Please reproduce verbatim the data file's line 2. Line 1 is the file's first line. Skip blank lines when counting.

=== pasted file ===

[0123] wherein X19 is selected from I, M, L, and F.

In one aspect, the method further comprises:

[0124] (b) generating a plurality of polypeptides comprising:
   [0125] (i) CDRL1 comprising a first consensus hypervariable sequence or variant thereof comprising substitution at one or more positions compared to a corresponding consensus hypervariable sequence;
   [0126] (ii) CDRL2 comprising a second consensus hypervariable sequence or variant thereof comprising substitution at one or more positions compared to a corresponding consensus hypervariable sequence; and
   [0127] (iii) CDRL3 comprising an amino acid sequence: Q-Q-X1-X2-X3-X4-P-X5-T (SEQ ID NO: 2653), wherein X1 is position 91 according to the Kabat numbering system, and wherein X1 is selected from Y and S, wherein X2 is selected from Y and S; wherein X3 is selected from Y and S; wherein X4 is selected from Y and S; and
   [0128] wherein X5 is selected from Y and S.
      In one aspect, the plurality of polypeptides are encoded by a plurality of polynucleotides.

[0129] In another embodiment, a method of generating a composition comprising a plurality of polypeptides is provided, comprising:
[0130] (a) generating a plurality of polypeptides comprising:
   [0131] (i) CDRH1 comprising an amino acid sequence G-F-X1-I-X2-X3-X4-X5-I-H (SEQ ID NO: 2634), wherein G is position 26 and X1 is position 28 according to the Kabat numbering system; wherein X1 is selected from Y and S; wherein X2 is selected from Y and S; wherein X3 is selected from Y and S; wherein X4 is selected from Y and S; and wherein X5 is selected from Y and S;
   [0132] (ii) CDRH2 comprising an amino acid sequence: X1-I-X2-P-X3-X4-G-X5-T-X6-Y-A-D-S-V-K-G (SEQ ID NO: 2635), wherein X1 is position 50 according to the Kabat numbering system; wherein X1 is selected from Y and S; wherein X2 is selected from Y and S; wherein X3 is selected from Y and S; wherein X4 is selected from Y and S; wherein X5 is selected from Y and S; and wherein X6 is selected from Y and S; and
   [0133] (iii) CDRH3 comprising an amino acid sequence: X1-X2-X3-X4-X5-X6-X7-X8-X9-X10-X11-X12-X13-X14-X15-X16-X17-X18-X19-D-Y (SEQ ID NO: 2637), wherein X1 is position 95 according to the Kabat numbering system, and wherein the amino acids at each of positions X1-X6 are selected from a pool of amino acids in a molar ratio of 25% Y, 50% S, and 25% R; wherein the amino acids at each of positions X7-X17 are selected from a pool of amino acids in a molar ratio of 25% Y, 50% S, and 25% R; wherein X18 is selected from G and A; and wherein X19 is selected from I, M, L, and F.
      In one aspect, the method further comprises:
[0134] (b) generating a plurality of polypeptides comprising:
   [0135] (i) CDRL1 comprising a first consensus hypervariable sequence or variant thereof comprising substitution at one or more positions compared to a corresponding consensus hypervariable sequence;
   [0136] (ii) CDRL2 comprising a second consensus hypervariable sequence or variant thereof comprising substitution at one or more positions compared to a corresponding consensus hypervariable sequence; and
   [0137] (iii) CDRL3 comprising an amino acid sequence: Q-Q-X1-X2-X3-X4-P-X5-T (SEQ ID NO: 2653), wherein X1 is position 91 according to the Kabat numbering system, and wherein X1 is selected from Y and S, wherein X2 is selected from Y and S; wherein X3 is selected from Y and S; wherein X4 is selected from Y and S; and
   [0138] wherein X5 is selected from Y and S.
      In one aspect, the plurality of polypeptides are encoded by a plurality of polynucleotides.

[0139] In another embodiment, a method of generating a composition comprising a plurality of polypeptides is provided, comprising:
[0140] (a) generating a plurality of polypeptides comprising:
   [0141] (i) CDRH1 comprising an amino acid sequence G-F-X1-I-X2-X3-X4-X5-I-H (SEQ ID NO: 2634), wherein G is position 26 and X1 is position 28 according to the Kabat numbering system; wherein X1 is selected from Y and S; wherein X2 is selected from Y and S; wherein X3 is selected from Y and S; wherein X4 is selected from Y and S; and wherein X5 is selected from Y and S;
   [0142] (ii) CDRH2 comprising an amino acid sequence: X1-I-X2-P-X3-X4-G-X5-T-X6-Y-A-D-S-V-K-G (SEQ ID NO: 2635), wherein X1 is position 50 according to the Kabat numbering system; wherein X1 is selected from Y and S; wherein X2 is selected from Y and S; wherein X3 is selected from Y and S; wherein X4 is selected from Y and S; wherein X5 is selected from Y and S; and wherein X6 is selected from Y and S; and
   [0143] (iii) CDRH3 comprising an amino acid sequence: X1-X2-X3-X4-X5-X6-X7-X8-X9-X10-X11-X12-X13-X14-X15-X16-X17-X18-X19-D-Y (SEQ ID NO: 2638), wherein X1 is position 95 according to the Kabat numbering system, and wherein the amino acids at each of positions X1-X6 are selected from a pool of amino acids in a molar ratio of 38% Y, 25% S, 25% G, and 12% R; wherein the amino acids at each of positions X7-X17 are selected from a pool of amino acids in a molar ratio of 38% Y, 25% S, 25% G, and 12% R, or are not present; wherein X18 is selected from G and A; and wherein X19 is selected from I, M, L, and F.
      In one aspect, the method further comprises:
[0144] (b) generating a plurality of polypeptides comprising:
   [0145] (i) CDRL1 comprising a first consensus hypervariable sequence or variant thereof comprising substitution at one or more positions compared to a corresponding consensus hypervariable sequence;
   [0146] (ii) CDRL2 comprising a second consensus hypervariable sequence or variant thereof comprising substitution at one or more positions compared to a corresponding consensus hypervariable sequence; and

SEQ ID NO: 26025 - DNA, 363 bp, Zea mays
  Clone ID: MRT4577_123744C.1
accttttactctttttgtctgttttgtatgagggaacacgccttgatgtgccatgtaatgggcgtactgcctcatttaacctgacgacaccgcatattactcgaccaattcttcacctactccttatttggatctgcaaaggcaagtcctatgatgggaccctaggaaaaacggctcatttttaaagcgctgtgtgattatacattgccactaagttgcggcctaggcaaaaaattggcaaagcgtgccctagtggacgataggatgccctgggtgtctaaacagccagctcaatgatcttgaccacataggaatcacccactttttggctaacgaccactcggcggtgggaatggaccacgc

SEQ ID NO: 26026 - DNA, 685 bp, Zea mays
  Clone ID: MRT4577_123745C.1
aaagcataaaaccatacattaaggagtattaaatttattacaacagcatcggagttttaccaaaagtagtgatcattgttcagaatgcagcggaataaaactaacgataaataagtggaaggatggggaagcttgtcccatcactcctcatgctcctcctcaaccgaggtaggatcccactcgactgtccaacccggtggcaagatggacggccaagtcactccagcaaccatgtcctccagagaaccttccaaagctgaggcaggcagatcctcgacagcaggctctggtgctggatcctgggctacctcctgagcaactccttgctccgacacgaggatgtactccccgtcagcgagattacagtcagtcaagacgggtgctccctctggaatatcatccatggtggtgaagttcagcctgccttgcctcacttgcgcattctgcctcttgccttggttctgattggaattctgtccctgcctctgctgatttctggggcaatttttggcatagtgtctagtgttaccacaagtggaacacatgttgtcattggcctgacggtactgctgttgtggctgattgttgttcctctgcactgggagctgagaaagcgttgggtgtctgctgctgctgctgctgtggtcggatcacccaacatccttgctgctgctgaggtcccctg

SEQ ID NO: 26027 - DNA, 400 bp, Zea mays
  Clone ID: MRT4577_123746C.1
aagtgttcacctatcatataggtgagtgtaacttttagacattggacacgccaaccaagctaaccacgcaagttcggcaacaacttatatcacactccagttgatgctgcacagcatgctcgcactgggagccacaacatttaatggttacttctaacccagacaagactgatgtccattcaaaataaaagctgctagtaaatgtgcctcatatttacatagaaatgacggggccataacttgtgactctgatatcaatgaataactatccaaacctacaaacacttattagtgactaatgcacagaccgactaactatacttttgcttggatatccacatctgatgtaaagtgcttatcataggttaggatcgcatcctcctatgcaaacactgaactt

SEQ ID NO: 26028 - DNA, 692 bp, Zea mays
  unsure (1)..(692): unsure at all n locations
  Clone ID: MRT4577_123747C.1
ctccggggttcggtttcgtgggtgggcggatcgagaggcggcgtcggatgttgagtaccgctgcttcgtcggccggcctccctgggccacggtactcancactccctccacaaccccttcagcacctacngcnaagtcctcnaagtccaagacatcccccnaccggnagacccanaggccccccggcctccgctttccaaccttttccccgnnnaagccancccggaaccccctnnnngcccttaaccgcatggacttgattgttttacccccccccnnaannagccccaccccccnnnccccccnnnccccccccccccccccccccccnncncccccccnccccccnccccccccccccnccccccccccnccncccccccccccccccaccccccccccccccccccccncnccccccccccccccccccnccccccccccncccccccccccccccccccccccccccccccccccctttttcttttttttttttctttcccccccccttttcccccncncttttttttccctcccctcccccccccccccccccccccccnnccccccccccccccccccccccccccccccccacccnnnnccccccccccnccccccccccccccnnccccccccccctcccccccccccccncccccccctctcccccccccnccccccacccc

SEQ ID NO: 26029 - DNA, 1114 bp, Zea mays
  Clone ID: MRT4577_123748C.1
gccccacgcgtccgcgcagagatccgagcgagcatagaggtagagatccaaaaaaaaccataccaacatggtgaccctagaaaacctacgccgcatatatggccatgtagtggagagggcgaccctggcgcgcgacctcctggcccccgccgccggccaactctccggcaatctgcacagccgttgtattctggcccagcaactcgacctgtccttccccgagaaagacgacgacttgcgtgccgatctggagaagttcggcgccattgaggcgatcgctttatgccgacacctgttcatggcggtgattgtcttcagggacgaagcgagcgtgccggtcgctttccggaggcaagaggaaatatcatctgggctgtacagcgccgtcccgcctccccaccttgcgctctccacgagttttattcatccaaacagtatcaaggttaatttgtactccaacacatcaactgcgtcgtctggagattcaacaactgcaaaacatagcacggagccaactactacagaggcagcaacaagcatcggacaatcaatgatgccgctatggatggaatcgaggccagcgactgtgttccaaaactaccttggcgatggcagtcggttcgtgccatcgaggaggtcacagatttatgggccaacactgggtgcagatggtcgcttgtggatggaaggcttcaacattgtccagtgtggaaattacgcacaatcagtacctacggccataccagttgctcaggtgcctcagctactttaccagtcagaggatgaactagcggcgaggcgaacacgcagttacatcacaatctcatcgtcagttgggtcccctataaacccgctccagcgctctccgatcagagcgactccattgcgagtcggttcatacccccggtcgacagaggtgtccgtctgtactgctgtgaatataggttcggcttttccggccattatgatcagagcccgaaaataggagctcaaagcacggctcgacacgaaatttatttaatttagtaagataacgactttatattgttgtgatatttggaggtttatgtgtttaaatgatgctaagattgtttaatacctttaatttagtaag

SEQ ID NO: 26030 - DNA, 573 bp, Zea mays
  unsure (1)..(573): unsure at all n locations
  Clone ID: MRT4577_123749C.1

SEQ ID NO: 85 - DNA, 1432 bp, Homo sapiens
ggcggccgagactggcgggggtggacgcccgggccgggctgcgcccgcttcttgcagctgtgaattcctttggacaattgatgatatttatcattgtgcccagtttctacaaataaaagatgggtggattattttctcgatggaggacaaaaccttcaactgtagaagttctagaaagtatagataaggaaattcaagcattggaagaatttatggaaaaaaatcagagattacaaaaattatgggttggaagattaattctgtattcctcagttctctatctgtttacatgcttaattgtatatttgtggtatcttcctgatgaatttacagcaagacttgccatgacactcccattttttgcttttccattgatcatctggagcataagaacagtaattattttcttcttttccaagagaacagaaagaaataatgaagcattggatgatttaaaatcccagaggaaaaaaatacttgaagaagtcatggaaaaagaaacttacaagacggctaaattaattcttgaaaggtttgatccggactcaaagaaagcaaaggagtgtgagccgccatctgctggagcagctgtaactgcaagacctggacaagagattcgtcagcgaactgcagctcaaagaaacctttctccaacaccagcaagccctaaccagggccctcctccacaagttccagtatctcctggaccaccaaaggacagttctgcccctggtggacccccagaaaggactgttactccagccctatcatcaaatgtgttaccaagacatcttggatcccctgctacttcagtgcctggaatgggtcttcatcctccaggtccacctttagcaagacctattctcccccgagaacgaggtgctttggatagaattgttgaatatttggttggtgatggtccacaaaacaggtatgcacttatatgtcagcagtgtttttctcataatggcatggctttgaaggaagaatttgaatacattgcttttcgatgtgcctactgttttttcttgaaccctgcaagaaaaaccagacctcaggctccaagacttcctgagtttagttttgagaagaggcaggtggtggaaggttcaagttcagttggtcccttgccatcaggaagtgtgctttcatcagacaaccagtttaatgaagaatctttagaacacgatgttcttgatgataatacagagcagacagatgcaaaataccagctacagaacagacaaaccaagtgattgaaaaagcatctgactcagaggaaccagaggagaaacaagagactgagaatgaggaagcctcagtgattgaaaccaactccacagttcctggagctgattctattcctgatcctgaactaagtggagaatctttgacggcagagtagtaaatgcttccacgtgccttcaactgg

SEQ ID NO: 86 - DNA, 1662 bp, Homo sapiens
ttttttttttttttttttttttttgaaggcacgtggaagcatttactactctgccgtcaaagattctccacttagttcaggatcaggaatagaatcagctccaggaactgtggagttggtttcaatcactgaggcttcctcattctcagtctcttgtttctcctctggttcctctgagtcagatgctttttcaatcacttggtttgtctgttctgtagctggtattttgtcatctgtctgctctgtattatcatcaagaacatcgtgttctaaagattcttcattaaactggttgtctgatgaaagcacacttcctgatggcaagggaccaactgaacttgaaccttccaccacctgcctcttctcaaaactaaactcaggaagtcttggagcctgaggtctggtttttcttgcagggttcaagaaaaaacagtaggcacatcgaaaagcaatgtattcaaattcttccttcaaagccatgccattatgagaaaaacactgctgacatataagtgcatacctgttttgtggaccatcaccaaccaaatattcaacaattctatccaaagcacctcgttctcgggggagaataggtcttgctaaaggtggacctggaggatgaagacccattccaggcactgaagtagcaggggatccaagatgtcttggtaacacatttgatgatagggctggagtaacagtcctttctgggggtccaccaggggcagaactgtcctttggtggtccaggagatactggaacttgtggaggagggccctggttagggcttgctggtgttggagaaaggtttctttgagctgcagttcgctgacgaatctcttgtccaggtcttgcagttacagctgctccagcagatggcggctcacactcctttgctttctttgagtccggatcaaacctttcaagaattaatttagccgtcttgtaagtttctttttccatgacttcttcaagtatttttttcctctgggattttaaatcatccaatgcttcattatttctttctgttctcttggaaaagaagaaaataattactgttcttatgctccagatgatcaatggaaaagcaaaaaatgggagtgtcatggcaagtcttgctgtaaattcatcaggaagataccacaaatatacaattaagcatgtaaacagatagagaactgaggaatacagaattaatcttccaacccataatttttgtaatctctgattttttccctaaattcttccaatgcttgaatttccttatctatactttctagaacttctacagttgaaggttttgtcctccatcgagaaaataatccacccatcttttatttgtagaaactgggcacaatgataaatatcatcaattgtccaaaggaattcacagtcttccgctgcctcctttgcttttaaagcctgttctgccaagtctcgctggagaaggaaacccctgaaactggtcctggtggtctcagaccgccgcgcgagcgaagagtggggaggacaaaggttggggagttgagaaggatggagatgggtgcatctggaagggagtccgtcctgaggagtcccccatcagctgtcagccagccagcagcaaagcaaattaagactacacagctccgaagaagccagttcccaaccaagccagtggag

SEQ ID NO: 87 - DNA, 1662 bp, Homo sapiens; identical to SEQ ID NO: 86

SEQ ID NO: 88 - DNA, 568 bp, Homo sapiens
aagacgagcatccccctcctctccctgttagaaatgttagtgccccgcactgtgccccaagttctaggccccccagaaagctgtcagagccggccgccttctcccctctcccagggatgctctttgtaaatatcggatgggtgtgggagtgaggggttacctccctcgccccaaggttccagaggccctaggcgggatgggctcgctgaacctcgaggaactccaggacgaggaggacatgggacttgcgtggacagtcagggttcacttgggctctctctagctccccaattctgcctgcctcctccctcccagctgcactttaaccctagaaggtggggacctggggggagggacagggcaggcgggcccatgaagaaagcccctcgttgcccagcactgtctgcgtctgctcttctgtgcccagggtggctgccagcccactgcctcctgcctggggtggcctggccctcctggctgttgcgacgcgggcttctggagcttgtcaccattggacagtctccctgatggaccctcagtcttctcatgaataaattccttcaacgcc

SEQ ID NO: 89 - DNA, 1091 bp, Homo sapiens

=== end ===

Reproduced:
In one aspect, the method further comprises: